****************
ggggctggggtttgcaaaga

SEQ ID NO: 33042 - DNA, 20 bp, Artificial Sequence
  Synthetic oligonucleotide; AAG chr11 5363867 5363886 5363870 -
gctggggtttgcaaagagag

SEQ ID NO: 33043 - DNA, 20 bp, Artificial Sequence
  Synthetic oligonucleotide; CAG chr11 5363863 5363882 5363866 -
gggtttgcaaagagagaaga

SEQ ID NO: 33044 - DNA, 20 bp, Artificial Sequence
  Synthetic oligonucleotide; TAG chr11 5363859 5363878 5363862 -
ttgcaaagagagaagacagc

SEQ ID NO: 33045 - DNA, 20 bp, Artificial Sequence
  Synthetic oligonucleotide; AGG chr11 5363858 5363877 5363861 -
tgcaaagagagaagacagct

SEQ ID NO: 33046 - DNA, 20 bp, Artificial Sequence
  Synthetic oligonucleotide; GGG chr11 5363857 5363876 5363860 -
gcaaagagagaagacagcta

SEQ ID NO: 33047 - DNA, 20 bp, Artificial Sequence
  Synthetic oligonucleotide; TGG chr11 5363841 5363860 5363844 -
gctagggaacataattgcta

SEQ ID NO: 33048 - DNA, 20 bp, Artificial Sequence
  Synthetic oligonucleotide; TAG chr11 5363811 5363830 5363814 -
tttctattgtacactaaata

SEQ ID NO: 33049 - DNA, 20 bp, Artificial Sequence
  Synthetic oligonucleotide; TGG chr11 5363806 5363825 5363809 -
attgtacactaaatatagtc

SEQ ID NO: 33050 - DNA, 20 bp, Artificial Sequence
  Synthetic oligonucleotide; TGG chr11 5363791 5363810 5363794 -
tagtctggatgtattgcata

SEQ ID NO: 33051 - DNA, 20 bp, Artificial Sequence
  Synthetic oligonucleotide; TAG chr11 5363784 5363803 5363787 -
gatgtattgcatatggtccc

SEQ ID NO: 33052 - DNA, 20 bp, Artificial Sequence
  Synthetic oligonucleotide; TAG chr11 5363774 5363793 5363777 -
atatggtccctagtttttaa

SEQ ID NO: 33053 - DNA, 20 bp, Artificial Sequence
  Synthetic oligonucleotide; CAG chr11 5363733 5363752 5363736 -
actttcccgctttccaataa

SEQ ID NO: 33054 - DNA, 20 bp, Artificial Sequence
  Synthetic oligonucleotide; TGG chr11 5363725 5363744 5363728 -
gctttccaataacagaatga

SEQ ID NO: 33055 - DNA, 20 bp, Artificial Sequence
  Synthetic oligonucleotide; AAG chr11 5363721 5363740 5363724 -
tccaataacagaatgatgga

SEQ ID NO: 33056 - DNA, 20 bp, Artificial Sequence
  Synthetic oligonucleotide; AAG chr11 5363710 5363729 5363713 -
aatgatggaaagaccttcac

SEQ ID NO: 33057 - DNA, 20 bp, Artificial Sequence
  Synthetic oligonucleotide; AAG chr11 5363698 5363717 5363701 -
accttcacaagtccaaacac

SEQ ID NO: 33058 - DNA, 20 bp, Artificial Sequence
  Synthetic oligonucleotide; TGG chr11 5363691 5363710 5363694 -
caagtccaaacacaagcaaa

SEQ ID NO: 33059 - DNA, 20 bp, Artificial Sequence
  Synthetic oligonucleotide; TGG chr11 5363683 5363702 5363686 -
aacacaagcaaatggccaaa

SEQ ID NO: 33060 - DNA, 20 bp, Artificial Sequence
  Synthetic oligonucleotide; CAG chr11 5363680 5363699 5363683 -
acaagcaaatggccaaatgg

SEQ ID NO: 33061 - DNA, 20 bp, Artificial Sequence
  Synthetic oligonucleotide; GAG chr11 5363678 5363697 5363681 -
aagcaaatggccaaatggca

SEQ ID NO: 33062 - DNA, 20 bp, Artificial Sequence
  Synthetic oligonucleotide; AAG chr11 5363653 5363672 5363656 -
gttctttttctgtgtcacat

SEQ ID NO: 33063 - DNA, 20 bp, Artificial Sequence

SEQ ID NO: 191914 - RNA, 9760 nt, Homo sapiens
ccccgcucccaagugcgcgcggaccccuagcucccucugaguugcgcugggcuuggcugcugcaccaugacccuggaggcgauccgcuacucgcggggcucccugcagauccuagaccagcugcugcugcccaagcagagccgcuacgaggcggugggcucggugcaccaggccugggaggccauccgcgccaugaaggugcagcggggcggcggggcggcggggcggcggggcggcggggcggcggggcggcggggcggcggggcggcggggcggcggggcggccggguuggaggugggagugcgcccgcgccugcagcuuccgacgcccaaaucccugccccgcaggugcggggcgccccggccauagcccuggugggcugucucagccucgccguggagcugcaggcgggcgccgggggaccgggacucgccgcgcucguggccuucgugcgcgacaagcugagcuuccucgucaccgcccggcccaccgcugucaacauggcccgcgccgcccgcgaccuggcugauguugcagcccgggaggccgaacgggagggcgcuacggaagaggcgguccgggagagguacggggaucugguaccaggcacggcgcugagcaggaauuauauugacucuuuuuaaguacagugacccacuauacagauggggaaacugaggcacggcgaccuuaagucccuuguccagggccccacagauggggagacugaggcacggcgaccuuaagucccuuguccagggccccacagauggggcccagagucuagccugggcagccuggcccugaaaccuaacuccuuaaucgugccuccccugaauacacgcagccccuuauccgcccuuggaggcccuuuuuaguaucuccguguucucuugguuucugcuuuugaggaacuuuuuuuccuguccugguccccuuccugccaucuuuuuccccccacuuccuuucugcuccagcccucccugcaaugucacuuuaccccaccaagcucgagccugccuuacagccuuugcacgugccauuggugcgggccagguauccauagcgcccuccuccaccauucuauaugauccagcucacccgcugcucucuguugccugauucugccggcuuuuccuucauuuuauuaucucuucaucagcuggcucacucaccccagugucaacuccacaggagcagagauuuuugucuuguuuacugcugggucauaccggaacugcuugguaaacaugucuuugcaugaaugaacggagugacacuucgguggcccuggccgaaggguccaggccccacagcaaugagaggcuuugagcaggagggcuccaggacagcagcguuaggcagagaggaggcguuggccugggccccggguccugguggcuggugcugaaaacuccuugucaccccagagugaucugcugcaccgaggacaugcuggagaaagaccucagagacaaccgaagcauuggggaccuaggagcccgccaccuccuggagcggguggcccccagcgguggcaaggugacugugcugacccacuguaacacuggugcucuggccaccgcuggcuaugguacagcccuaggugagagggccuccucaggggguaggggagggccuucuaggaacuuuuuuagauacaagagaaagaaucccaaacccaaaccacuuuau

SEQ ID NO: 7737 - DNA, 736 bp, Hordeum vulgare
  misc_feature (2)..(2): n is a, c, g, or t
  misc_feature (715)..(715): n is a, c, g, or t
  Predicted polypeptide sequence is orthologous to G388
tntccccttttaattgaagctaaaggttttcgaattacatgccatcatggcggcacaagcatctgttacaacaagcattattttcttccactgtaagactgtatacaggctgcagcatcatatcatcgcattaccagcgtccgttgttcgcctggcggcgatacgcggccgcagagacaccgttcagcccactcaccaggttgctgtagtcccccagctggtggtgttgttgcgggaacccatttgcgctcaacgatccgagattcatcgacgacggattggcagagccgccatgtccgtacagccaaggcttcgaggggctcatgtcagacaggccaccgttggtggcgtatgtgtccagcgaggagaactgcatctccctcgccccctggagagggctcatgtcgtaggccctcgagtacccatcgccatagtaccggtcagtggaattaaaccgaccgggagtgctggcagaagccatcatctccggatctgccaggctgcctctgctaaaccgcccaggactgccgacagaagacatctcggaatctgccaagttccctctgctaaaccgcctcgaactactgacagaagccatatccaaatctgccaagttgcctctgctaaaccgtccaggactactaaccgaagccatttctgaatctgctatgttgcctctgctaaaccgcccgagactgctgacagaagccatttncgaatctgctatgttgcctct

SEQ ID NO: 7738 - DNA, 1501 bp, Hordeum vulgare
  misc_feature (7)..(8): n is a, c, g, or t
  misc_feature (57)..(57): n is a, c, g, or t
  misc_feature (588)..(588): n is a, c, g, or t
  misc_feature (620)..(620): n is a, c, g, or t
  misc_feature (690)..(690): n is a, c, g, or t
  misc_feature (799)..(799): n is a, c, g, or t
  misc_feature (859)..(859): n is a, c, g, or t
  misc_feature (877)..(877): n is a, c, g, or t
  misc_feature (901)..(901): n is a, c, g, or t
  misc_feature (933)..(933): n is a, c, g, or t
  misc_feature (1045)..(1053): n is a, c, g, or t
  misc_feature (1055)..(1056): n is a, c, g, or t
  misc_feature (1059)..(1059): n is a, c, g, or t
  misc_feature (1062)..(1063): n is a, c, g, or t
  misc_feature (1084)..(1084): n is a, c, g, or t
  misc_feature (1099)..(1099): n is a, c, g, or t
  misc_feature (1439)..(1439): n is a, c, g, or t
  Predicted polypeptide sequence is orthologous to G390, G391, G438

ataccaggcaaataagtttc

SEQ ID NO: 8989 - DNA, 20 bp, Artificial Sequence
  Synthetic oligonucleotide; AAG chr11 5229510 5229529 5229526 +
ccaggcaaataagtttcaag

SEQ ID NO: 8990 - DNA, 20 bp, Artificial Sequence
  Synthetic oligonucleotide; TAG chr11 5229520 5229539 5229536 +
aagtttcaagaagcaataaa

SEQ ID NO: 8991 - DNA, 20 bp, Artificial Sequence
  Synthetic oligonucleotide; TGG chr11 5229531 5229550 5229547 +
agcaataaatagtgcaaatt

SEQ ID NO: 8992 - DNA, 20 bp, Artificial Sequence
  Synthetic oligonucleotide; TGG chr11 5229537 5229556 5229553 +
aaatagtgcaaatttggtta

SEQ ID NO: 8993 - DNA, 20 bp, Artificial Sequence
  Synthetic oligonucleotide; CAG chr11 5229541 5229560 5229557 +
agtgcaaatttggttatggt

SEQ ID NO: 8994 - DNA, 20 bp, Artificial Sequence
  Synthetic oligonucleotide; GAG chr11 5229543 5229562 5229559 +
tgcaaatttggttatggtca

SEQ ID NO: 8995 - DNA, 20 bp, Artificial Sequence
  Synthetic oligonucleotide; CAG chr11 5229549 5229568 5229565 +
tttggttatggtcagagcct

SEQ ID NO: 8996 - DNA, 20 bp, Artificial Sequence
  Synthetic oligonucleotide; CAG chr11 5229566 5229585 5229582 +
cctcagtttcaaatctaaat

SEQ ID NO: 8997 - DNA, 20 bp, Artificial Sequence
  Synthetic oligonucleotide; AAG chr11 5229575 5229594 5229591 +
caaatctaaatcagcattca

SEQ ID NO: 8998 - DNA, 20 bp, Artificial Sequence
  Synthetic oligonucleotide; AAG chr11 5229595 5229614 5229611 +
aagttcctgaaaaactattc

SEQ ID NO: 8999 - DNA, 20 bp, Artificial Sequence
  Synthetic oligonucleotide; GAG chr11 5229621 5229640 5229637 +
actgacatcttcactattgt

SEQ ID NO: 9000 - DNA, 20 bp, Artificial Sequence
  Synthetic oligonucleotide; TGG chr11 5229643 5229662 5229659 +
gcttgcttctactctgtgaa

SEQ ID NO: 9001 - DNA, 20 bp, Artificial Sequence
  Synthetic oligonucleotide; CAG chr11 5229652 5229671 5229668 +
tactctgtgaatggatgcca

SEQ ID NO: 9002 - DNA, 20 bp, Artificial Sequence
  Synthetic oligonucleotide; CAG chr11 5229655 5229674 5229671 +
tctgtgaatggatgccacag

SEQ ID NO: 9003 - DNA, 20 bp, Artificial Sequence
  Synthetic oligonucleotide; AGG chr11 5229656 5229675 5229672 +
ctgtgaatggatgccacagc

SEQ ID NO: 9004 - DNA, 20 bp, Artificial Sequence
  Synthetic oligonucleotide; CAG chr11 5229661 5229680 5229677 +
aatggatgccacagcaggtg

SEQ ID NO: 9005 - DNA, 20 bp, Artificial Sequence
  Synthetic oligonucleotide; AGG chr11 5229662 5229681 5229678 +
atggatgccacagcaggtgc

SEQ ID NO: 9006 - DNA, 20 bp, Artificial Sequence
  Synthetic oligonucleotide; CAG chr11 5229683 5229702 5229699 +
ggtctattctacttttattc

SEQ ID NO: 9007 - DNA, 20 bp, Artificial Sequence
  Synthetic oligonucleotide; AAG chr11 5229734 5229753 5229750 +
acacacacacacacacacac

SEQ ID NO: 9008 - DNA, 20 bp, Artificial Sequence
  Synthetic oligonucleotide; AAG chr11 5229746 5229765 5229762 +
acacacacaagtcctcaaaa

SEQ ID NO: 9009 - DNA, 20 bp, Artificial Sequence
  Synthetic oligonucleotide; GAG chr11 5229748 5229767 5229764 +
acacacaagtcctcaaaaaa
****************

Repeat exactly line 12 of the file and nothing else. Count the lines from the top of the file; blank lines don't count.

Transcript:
  Synthetic oligonucleotide; AGG chr11 5363858 5363877 5363861 -